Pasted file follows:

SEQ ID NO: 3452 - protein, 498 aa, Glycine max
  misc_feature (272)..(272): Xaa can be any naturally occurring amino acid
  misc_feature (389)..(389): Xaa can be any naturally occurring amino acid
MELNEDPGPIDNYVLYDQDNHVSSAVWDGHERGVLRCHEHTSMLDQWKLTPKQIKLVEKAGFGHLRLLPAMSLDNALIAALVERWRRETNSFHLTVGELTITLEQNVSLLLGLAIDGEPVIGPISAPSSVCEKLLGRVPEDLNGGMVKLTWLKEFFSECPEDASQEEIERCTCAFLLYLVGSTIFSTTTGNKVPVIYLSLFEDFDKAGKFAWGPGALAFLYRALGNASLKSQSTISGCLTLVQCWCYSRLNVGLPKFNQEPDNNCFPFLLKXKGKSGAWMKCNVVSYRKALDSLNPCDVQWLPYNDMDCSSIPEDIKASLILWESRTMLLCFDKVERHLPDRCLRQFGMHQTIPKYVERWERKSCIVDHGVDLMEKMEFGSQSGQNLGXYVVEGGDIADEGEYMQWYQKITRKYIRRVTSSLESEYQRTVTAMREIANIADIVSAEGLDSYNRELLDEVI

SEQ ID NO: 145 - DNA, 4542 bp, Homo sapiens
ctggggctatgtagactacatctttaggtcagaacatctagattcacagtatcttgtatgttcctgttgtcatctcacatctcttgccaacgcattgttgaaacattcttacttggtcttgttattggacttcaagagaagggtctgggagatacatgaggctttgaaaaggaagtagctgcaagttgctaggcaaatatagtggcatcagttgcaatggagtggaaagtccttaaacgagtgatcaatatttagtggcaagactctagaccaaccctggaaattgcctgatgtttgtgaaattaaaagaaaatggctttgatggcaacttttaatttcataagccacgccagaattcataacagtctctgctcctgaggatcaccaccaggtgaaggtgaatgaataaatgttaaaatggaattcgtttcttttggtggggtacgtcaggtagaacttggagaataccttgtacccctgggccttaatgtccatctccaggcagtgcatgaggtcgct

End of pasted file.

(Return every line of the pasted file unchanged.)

SEQ ID NO: 3452 - protein, 498 aa, Glycine max
  misc_feature (272)..(272): Xaa can be any naturally occurring amino acid
  misc_feature (389)..(389): Xaa can be any naturally occurring amino acid
MELNEDPGPIDNYVLYDQDNHVSSAVWDGHERGVLRCHEHTSMLDQWKLTPKQIKLVEKAGFGHLRLLPAMSLDNALIAALVERWRRETNSFHLTVGELTITLEQNVSLLLGLAIDGEPVIGPISAPSSVCEKLLGRVPEDLNGGMVKLTWLKEFFSECPEDASQEEIERCTCAFLLYLVGSTIFSTTTGNKVPVIYLSLFEDFDKAGKFAWGPGALAFLYRALGNASLKSQSTISGCLTLVQCWCYSRLNVGLPKFNQEPDNNCFPFLLKXKGKSGAWMKCNVVSYRKALDSLNPCDVQWLPYNDMDCSSIPEDIKASLILWESRTMLLCFDKVERHLPDRCLRQFGMHQTIPKYVERWERKSCIVDHGVDLMEKMEFGSQSGQNLGXYVVEGGDIADEGEYMQWYQKITRKYIRRVTSSLESEYQRTVTAMREIANIADIVSAEGLDSYNRELLDEVI

SEQ ID NO: 145 - DNA, 4542 bp, Homo sapiens
ctggggctatgtagactacatctttaggtcagaacatctagattcacagtatcttgtatgttcctgttgtcatctcacatctcttgccaacgcattgttgaaacattcttacttggtcttgttattggacttcaagagaagggtctgggagatacatgaggctttgaaaaggaagtagctgcaagttgctaggcaaatatagtggcatcagttgcaatggagtggaaagtccttaaacgagtgatcaatatttagtggcaagactctagaccaaccctggaaattgcctgatgtttgtgaaattaaaagaaaatggctttgatggcaacttttaatttcataagccacgccagaattcataacagtctctgctcctgaggatcaccaccaggtgaaggtgaatgaataaatgttaaaatggaattcgtttcttttggtggggtacgtcaggtagaacttggagaataccttgtacccctgggccttaatgtccatctccaggcagtgcatgaggtcgct